The TRO says he can't hire away any of Microsoft's employees either, so that seems to be a real concern of Microsoft's. Google's announcement of his joining the company said that he will serve as President of the company's Chinese operations and that the new center will strengthen Google's search efforts, as well as focusing on "developing new innovative technologies and projects," Microsoft points out, and they flat out say that he was hired to work on search and to do so immediately. That is in direct competition with Microsoft, hence covered by the agreement. He was, they tell us, "one of the main architects of Microsoft's business strategies in China." No doubt that worries them plenty too. And that is an area that is bound to get serious, because of some eternal confidentiality clauses in the agreement.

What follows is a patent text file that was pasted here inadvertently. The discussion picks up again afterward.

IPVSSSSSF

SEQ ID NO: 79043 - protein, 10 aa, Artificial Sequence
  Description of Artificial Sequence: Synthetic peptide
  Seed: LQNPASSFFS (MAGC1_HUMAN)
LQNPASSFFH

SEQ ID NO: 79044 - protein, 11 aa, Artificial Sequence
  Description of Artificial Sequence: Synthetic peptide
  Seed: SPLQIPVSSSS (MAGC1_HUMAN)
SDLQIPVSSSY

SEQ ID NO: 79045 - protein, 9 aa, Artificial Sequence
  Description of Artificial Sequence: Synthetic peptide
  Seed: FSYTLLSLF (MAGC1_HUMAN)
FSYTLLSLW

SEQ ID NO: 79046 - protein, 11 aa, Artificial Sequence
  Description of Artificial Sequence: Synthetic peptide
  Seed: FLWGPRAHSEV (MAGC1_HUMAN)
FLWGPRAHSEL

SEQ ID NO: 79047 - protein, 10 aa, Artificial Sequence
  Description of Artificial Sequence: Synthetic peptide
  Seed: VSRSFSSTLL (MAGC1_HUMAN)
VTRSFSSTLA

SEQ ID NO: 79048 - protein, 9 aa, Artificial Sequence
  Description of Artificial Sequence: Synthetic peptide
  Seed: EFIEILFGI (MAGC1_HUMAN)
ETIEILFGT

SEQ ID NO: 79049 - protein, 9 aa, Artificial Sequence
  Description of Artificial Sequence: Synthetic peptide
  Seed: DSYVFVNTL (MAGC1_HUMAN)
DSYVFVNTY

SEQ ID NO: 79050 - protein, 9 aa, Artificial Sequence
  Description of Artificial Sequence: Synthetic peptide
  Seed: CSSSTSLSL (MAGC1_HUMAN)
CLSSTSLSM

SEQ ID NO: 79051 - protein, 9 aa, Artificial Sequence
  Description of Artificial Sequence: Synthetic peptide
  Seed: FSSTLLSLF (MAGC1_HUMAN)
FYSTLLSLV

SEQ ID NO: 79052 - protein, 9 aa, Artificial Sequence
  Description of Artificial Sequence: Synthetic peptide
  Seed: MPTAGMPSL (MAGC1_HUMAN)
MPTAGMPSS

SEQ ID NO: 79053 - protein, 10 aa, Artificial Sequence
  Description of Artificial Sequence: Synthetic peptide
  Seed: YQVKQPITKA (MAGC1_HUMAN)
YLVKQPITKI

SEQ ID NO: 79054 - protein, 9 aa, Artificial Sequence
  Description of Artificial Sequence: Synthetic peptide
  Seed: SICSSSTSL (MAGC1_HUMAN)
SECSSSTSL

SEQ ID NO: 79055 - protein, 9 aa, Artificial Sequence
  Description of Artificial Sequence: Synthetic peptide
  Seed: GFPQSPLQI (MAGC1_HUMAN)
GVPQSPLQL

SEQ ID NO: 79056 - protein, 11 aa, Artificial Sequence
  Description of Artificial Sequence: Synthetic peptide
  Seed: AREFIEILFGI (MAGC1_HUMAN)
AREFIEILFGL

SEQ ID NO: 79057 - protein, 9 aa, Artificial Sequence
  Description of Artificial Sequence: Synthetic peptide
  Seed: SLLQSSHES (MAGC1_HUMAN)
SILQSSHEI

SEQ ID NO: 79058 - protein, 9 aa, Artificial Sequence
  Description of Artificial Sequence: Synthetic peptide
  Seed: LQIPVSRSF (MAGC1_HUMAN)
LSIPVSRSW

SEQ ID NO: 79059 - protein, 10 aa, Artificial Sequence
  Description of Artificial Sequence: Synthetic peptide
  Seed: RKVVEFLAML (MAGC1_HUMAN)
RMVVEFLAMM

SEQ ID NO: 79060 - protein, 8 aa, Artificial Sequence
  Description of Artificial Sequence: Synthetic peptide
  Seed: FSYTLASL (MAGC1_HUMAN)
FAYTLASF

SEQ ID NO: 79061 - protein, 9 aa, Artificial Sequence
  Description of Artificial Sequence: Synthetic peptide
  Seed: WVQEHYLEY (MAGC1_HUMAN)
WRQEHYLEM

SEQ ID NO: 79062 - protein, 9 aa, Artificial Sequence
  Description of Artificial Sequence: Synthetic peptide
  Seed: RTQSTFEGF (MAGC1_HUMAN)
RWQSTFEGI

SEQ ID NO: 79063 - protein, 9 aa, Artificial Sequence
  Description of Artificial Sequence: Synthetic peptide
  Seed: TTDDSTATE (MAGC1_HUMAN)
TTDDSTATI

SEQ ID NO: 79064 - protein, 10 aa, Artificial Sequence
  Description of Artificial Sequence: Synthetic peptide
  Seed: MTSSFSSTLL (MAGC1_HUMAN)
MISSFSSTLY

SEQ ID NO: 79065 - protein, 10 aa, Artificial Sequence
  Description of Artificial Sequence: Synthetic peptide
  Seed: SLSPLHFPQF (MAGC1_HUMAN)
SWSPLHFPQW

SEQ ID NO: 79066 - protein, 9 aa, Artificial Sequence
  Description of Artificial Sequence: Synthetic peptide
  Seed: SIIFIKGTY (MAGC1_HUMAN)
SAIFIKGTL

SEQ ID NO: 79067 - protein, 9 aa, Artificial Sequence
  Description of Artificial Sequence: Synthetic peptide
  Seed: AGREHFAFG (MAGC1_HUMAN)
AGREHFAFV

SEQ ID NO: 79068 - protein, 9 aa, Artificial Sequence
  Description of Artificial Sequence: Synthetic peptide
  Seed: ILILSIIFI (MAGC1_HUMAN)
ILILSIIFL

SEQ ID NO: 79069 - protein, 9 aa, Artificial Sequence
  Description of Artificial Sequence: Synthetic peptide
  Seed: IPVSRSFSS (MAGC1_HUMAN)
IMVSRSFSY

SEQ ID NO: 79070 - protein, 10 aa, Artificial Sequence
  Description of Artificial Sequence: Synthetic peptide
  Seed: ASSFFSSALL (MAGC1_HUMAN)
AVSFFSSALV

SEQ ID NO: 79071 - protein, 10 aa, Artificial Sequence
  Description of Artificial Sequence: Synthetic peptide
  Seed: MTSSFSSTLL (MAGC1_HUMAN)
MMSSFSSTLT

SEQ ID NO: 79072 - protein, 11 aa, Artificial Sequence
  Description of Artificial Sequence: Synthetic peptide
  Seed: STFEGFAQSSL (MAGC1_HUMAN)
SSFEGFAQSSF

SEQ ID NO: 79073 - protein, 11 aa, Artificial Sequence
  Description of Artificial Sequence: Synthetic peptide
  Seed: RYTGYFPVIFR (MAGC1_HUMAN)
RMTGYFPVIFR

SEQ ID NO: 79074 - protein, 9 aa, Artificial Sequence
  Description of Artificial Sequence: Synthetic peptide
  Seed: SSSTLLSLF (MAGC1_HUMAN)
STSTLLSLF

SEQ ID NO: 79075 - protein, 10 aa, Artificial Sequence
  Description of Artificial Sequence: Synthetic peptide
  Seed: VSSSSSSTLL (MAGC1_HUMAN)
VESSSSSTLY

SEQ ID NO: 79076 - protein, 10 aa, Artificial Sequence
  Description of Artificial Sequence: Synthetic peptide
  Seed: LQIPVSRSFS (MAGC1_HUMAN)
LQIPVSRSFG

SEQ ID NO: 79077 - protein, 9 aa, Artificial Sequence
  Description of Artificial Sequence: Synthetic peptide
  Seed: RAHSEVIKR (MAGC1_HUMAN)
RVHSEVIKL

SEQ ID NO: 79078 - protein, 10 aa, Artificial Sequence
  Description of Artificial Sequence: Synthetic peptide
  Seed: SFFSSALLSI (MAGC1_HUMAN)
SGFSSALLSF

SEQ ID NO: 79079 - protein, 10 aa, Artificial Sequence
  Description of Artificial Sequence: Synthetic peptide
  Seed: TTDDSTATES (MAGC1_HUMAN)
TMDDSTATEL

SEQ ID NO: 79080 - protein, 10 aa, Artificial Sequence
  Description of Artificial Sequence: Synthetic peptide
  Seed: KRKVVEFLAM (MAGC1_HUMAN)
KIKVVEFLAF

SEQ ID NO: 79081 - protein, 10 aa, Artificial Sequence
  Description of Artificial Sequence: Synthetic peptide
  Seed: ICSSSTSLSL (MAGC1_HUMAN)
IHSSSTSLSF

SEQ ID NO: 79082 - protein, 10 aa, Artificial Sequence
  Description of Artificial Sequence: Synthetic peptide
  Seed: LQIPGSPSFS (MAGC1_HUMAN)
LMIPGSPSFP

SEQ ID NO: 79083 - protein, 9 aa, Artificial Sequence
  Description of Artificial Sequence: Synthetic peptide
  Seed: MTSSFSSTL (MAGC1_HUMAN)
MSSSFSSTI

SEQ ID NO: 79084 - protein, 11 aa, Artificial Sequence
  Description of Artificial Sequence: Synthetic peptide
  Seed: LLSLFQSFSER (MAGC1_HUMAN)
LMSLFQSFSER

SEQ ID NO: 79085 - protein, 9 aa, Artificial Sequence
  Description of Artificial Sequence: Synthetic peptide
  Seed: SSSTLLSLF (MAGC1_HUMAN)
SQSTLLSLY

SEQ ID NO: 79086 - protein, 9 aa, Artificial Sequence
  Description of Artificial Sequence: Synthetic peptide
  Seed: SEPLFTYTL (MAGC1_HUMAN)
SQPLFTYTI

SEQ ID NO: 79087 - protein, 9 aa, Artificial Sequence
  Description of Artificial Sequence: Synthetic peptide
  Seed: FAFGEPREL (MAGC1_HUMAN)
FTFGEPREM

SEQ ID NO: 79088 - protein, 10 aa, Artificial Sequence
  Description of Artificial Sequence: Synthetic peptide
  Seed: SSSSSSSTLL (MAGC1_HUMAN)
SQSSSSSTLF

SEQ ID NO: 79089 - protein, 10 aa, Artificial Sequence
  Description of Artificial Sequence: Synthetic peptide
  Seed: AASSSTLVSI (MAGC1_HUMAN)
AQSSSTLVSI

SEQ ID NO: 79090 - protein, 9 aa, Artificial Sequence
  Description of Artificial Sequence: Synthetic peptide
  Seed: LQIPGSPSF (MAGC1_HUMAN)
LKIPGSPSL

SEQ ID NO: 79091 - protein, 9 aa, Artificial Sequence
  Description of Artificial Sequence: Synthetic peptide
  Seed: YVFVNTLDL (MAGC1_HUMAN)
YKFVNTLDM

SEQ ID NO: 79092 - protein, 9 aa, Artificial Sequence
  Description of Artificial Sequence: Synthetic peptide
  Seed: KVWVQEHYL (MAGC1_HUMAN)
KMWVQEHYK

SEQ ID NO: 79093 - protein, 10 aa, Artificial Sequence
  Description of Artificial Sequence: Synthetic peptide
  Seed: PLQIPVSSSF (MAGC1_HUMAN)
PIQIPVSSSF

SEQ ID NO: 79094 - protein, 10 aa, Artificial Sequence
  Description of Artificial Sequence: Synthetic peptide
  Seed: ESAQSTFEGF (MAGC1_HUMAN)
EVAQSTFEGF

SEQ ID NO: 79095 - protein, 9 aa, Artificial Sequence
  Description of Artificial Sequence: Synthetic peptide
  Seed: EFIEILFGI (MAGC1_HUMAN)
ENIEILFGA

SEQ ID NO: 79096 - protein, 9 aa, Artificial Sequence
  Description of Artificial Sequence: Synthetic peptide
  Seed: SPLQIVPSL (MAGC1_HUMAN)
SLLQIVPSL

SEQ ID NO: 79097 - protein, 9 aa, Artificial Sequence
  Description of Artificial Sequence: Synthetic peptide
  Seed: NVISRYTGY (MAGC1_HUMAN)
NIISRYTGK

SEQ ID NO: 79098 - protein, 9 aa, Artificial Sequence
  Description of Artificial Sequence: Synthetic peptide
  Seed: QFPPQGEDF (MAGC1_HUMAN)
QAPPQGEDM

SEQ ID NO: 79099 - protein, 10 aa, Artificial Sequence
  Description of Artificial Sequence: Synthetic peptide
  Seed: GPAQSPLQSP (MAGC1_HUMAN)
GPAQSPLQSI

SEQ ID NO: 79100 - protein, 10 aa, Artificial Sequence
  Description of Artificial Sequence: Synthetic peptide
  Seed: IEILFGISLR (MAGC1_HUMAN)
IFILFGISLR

In their Answer, Microsoft denies that their "limited non-competition provision" violates California public policy or is invalid or unenforceable under California law, and Microsoft doesn't think the agreement is governed by California law anyway. It says troubles will be aired out in Washington. They also don't think they are guilty of illegal restraint of trade, which Google has alleged. Dr. Lee was the initial employee of Microsoft Research Asia in China in 1998. It wasn't until he went to work in Redmond, Washington in 2000 that he signed the agreement. This could end up mattering, depending on what he will be doing for Google in China and what he did for Microsoft since 2000. If what Dr. Lee will be doing for Google is similar to what he did for Microsoft in China but not what he did later in Redmond, Microsoft could be up a creek without a paddle.